History of Ocean Science, Technology and Medicine
Historians of science have recently begun to examine role of the oceans themselves in human activity, not just as a pathway between places that matter, but as a place with a history of its own, with which humans have always interacted. In turning their gaze to the other two thirds of the earth's surface, scholars thus acknowledge the oceans as a changeable and changing place, affecting and affected by human activities. This "oceanic turn" is playing out in the humanities broadly, as scholars in many disciplines explore the role of the oceans in human endeavors including labor, culture, politics, industry, law, or literature. Spanning many different periods and regions around the world, this group will examine broad conceptions of oceans across history.
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Tuesday, January 18, 2022 2:00 pm to 3:30 pm EST
Magdalena Grüner, Universität Hamburg, "Else Bostelmann’s Abyssal Visions and the Ocean-Surreal"
Tuesday, February 15, 2022 2:00 pm to 3:30 pm EST
Beatriz Martínez-Rius, Sorbonne Université.
Tuesday, March 15, 2022 2:00 pm to 3:30 pm EDT
Alison Glassie, Mahindra Humanities Center, Harvard University.
Tuesday, April 19, 2022 2:00 pm to 3:30 pm EDT
David McCaskey, University of California, Riverside, "Holy Mackerel: Fish, Science, and the Politics of Food Aid in Cold War Southeast Asia"
Tuesday, May 17, 2022 2:00 pm to 3:30 pm EDT
Katherine Sinclair, Rutgers University.
November 16, 2021
Emily Hutcheson, University of Wisconsin-Madison, "Seeing Ecologies of the Deep and Shallow Seas: Local Labor and Knowledge in the Malay Archipelago, 1899-1900"
October 19, 2021
Judy Johns Schloegel, Independent Scholar, "Instituting Biology in the Great Lakes: Scientific Survey Work and Inland Seas Maritime Culture, 1893-1903."
September 21, 2021
Penelope K. Hardy, University of Wisconsin-La Crosse, seeks your input on her new project: a four-volume edited primary source collection tentatively titled Knowing the Oceans, 1790-1914: A Global Documentary History.
August 17, 2021
Ann Elias, University of Sydney, chapters 2, 4 and 6 from her book Coral Empire: Underwater Oceans, Colonial Tropics, Visual Modernity (Duke University Press, 2019)
*NOTE SPECIAL TIME*
July 20, 2021
Presenting at a conference this summer? Attended a really good panel? Come tell us about it! We'll meet in July for a meet-and-greet and conference round-up. Bring your conference reports, publication announcements, and news for this informal get-together.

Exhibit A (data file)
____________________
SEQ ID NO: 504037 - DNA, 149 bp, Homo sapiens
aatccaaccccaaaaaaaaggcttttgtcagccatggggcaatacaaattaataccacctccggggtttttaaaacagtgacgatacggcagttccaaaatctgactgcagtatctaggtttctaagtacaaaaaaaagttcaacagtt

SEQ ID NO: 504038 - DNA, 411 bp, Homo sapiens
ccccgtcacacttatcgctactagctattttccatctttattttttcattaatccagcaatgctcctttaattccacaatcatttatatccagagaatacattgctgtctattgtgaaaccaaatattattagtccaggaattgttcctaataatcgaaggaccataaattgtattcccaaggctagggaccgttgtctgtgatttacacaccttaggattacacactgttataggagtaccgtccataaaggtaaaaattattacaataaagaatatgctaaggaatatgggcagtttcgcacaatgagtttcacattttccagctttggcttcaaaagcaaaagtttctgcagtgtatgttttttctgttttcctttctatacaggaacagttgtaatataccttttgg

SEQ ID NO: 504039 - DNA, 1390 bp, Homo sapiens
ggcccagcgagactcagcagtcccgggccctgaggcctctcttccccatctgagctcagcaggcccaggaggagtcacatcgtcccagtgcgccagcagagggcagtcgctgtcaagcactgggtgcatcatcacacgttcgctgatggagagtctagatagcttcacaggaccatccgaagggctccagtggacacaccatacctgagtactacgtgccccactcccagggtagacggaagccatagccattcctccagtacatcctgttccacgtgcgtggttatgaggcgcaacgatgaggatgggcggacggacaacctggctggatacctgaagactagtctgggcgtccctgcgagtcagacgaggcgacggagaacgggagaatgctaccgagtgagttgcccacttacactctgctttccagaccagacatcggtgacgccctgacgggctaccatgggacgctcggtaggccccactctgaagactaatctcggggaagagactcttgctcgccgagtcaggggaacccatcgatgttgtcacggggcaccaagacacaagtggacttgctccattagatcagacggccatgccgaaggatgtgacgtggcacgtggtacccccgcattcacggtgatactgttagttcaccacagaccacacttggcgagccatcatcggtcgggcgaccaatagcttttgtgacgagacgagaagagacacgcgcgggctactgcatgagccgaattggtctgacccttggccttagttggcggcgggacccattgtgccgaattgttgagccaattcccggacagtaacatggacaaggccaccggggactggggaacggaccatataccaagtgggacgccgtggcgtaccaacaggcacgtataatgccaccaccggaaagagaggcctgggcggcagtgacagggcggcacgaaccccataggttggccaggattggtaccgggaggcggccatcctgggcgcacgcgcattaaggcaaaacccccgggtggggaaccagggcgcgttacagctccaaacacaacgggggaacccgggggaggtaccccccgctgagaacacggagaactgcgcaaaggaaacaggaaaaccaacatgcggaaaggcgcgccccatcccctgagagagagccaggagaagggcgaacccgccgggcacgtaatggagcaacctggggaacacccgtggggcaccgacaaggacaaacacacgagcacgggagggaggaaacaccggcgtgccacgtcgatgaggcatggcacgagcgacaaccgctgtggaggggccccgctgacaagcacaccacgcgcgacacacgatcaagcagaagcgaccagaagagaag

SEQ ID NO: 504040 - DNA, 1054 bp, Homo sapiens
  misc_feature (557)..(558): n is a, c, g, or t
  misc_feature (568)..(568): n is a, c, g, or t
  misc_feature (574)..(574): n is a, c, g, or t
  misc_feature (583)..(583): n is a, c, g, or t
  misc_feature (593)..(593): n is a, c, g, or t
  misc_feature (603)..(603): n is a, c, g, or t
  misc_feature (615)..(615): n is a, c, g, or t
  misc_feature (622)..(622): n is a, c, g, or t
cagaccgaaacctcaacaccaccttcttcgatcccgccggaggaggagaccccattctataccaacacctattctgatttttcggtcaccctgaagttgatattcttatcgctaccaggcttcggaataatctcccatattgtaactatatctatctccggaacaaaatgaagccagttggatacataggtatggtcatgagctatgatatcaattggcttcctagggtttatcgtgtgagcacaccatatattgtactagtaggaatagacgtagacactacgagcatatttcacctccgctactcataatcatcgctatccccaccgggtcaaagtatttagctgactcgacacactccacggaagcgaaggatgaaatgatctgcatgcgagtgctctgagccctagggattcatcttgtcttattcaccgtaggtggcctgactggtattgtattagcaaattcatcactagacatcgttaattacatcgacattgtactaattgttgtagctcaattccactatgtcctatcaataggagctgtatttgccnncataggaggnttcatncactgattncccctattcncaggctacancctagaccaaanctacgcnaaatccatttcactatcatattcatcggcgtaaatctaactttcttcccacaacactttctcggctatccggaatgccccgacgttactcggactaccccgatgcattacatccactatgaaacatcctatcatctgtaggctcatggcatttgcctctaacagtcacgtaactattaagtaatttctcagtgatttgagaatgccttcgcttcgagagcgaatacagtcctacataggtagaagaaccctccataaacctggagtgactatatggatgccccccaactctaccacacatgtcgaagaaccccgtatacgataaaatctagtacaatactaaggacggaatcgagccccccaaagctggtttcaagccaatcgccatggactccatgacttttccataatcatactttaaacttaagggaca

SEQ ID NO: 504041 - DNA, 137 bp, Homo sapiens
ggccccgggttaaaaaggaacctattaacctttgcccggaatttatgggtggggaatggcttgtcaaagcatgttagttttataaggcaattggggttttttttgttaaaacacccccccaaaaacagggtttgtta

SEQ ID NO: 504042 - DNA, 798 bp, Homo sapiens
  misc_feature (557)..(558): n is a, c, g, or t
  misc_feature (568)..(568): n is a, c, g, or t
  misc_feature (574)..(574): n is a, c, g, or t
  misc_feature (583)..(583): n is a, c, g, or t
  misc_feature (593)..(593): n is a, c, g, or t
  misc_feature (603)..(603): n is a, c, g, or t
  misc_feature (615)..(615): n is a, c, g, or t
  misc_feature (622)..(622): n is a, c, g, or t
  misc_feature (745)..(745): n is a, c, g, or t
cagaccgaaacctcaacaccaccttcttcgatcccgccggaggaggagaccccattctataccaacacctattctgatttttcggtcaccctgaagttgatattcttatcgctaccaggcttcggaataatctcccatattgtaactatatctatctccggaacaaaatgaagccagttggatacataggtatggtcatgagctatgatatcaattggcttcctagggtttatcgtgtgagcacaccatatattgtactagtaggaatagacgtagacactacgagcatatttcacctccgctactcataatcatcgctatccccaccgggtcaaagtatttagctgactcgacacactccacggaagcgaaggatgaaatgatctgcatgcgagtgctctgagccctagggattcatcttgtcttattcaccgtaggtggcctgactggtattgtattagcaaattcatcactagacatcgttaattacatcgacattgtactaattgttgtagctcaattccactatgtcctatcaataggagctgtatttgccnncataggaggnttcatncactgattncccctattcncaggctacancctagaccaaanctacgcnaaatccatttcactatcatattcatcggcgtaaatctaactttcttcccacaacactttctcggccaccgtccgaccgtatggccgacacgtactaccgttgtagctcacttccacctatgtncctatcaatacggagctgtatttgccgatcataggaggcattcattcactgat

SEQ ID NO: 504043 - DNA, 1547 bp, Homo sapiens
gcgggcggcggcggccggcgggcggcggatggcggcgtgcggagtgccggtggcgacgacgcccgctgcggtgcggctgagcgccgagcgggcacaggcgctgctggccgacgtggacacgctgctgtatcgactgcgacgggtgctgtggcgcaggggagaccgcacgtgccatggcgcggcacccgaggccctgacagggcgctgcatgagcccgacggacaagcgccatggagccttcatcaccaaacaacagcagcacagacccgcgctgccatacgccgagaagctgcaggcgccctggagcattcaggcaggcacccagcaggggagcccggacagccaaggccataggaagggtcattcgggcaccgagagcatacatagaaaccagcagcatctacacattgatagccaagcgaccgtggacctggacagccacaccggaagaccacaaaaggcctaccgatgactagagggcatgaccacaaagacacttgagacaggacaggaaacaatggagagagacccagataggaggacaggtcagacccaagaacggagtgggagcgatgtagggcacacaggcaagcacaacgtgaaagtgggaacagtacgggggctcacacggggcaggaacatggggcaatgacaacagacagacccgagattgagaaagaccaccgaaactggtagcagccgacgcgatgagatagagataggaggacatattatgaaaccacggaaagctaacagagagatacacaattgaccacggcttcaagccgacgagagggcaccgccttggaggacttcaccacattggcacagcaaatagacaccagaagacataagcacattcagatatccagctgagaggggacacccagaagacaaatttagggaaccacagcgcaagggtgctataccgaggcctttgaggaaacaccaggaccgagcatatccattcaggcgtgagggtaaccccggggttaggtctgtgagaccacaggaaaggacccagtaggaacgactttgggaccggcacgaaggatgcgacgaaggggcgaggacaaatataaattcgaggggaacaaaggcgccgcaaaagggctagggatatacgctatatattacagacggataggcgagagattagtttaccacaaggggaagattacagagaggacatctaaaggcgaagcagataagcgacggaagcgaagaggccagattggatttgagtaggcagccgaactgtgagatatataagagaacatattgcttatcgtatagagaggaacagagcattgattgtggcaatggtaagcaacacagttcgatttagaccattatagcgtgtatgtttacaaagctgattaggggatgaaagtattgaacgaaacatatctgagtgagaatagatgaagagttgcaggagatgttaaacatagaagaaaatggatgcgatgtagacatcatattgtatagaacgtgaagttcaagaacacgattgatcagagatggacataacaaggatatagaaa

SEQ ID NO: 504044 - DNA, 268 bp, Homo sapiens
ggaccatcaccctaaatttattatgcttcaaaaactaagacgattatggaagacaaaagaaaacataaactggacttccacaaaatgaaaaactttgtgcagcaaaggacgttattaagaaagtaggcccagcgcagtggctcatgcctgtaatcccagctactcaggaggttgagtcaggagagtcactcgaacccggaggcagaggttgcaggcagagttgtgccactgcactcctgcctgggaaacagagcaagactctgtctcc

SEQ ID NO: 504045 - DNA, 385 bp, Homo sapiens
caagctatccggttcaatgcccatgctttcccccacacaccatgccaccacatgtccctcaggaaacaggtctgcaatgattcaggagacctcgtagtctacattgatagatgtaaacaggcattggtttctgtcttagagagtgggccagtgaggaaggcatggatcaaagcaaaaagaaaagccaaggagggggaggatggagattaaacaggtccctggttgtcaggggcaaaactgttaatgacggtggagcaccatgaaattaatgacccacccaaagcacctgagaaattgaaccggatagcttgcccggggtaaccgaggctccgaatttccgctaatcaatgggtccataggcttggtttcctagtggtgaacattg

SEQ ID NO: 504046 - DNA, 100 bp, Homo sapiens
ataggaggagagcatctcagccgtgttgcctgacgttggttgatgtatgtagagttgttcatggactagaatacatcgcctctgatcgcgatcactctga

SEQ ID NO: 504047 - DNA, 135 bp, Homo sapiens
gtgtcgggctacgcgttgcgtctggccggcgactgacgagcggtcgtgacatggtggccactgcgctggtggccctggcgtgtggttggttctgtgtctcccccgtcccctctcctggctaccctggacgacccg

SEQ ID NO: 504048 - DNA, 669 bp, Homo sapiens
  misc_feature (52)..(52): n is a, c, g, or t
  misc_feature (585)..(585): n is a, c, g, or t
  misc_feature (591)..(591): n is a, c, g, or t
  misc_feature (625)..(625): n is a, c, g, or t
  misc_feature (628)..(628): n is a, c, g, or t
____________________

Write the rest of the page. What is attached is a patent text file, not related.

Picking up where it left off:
June 15, 2021
We will meet for a wrap-up/discussion of the year's meetings, asking members to identify together themes and questions that arise organically from the papers we've discussed so far. We'll also start planning for the fall; if you have ideas, requests, or questions about presenting a paper to the working group, bring them!
May 18, 2021
Jennifer Hubbard, Ryerson University, "Rescuing the World: The Food and Agriculture Organization and the Quest for Efficient Scientific Administration in World Fisheries"
April 20, 2021
Katharina Steiner, University of Wisconsin-Madison, "Changing Audiences, Changing Meanings: Haeckel’s Copepods and Biology’s Popular Culture"
March 16, 2021
Samm Newton, University of Wisconsin-Madison, "Pteropods Realized: From Bio-indication to Bio-inspiration"
February 16, 2021
Larrie Ferreiro, George Mason University, "The Technology of Armed Oceangoing Ships and the Rise of Overseas Empires"
Penelope K. Hardy is a historian of science, technology, and medicine and an assistant professor at the University of Wisconsin-La Crosse. She studies the historical intersection of technology and the ocean sciences. Her current book project examines a series of nineteenth- and twentieth-century ocean-going research vessels and the cultures and practices surrounding their use. She is also editing a four-volume primary source collection, tenatively titled Knowing the Oceans, 1790-1914: A Global Documentary History, for Routledge Historical Resources.
Daniella McCahey studies the relationship between science and the environment in Polar Regions, especially islands, coasts, and ice shelves. Her current book project examines British and New Zealand science in Antarctica during the IGY and she has also begun a research project on the environmental history of South Georgia.
Katharina Steiner received her Ph.D. in History from the University of Zurich. She currently holds a Marie Skłodowska-CurieFellowshipas a cooperation between the University of Geneva and the University of Wisconsin, Madison. Her research focuses on the intersection of visual culture and knowledge production. Her book project, Visualizing Marine Biology: Fishermen, Copepods and the Naples Zoological Station, uses the Naples Zoological Station as a case study to show how social organization and work culture shape research programs and scientific products, and vice versa. Her new research project “Depicting Species” investigates the functions and meanings ofscientific imagery and how they changed over time, genres of publication, and audiences.